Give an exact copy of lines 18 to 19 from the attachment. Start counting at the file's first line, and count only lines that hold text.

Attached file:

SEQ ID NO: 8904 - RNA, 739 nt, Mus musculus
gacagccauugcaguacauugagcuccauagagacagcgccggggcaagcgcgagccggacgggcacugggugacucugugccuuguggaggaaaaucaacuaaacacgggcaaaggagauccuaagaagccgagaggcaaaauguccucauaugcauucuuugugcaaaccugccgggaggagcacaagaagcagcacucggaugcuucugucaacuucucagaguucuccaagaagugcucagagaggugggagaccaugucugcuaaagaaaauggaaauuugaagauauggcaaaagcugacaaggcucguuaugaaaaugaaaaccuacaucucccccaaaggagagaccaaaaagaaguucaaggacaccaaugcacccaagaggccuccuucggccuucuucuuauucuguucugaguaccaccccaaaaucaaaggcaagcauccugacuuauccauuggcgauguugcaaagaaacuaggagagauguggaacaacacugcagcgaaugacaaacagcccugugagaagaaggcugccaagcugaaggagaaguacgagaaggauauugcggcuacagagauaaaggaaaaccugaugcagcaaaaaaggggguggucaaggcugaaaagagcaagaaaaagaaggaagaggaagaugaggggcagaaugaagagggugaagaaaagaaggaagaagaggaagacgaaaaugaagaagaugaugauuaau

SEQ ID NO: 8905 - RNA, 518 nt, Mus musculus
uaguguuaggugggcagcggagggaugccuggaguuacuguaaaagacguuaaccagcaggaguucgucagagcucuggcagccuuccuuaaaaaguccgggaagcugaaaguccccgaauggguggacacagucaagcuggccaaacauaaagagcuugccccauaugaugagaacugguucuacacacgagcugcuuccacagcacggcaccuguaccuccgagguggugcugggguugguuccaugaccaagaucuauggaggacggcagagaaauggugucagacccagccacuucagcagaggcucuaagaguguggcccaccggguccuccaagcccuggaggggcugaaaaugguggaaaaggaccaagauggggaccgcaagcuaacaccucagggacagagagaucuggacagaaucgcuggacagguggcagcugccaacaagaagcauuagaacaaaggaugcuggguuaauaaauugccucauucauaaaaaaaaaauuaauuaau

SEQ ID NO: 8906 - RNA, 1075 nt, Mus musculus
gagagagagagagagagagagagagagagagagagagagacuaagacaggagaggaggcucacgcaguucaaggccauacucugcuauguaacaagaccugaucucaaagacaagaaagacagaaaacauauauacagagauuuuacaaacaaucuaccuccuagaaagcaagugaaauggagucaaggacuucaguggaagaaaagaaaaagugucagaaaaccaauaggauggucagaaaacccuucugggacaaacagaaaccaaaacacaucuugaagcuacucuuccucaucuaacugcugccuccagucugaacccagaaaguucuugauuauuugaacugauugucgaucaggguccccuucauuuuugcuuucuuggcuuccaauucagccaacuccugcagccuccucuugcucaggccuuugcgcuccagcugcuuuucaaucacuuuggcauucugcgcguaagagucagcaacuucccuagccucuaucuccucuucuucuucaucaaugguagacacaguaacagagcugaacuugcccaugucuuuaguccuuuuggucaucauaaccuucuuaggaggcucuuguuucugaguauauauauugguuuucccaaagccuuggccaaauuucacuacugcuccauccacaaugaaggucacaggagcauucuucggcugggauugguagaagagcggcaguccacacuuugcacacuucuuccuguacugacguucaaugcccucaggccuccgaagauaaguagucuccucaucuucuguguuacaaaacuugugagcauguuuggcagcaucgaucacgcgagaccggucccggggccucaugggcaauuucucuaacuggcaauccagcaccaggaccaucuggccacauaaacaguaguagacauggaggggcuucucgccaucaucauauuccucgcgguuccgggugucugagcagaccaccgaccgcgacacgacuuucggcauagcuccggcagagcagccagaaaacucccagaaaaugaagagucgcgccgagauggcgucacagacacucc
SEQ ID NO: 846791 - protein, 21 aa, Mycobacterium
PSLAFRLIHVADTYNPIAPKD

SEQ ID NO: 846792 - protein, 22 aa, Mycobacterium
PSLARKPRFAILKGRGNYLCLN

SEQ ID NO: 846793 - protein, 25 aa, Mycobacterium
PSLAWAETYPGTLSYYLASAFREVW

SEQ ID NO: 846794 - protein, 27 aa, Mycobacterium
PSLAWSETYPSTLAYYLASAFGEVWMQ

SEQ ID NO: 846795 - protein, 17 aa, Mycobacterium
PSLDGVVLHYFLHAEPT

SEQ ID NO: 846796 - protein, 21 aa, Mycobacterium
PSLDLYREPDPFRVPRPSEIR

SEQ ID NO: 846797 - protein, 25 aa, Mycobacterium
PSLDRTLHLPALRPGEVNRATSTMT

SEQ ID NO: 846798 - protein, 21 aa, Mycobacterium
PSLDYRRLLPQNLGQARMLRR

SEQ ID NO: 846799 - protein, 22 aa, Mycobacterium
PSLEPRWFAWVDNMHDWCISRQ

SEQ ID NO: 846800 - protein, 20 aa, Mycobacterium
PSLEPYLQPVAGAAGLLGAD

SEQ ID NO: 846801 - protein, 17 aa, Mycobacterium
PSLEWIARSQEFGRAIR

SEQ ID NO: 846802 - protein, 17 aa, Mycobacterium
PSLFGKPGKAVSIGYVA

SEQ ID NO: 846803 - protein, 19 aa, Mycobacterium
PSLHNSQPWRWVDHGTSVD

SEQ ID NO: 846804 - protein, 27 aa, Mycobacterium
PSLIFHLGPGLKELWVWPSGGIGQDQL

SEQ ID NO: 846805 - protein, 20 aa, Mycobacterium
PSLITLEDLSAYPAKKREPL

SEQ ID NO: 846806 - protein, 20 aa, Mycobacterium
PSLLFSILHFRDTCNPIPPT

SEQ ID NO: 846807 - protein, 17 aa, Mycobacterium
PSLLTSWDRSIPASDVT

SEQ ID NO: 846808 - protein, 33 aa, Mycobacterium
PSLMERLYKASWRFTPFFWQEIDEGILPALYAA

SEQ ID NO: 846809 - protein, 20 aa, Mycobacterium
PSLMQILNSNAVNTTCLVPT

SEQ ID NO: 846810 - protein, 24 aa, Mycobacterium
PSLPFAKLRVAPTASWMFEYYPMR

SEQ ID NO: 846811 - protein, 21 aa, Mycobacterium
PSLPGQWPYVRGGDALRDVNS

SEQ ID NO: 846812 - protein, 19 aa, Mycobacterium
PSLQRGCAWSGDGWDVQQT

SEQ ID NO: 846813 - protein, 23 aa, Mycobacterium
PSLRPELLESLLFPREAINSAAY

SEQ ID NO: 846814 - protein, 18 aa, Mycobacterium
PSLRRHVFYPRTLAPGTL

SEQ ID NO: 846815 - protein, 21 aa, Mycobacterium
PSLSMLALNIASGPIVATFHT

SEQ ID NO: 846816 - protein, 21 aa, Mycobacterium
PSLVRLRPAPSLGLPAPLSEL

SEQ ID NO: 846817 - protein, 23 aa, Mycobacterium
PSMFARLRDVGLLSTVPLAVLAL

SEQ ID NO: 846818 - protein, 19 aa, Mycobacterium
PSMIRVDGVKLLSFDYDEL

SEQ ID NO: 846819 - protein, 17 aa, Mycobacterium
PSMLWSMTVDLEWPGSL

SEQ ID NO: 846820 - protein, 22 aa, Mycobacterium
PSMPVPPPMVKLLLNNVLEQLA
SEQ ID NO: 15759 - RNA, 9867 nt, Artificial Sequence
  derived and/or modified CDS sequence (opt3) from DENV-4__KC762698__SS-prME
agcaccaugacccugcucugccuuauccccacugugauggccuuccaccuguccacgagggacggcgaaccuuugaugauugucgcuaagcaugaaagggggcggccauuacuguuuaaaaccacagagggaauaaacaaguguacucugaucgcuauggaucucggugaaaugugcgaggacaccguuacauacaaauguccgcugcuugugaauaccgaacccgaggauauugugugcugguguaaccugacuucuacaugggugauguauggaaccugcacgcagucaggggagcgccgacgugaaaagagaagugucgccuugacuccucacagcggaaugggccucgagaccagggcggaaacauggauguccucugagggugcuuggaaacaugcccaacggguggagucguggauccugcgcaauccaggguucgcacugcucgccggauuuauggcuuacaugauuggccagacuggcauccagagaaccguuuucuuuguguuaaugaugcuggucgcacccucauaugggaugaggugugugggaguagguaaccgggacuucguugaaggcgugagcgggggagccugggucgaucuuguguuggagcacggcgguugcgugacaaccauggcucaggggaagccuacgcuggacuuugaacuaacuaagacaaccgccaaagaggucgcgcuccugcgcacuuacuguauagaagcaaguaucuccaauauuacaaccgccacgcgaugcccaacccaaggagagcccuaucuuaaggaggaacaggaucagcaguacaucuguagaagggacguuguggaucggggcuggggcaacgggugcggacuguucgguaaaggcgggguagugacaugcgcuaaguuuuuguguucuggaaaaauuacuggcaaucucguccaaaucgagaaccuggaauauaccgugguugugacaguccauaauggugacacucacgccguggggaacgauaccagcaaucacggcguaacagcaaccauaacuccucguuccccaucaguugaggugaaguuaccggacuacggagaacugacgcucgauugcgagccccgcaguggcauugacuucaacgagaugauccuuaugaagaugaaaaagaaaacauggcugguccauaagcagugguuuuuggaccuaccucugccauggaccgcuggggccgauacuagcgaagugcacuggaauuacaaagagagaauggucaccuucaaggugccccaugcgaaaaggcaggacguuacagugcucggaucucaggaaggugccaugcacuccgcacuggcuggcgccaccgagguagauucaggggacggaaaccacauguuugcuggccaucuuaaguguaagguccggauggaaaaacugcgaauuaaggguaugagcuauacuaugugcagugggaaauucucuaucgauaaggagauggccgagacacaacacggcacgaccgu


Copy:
PSLDLYREPDPFRVPRPSEIR

SEQ ID NO: 846797 - protein, 25 aa, Mycobacterium